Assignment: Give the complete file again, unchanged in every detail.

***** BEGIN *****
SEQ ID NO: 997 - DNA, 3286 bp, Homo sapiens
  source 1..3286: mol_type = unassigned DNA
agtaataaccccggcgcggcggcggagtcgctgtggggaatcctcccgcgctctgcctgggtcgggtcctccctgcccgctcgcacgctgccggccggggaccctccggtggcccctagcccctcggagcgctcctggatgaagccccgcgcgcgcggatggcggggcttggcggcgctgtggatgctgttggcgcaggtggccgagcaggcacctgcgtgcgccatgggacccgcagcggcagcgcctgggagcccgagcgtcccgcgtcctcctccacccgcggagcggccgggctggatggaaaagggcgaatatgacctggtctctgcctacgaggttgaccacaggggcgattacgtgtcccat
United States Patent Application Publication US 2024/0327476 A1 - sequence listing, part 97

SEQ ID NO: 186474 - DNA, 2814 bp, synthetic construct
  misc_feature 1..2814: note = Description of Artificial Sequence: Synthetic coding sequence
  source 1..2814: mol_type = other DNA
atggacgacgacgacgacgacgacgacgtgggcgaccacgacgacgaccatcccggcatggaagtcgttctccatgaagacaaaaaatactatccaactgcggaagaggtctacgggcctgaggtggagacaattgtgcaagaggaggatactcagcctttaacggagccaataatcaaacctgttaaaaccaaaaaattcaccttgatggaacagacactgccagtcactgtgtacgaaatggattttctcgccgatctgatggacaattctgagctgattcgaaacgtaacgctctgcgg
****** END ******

SEQ ID NO: 997 - DNA, 3286 bp, Homo sapiens
  source 1..3286: mol_type = unassigned DNA
agtaataaccccggcgcggcggcggagtcgctgtggggaatcctcccgcgctctgcctgggtcgggtcctccctgcccgctcgcacgctgccggccggggaccctccggtggcccctagcccctcggagcgctcctggatgaagccccgcgcgcgcggatggcggggcttggcggcgctgtggatgctgttggcgcaggtggccgagcaggcacctgcgtgcgccatgggacccgcagcggcagcgcctgggagcccgagcgtcccgcgtcctcctccacccgcggagcggccgggctggatggaaaagggcgaatatgacctggtctctgcctacgaggttgaccacaggggcgattacgtgtcccat
United States Patent Application Publication US 2024/0327476 A1 - sequence listing, part 97

SEQ ID NO: 186474 - DNA, 2814 bp, synthetic construct
  misc_feature 1..2814: note = Description of Artificial Sequence: Synthetic coding sequence
  source 1..2814: mol_type = other DNA
atggacgacgacgacgacgacgacgacgtgggcgaccacgacgacgaccatcccggcatggaagtcgttctccatgaagacaaaaaatactatccaactgcggaagaggtctacgggcctgaggtggagacaattgtgcaagaggaggatactcagcctttaacggagccaataatcaaacctgttaaaaccaaaaaattcaccttgatggaacagacactgccagtcactgtgtacgaaatggattttctcgccgatctgatggacaattctgagctgattcgaaacgtaacgctctgcgg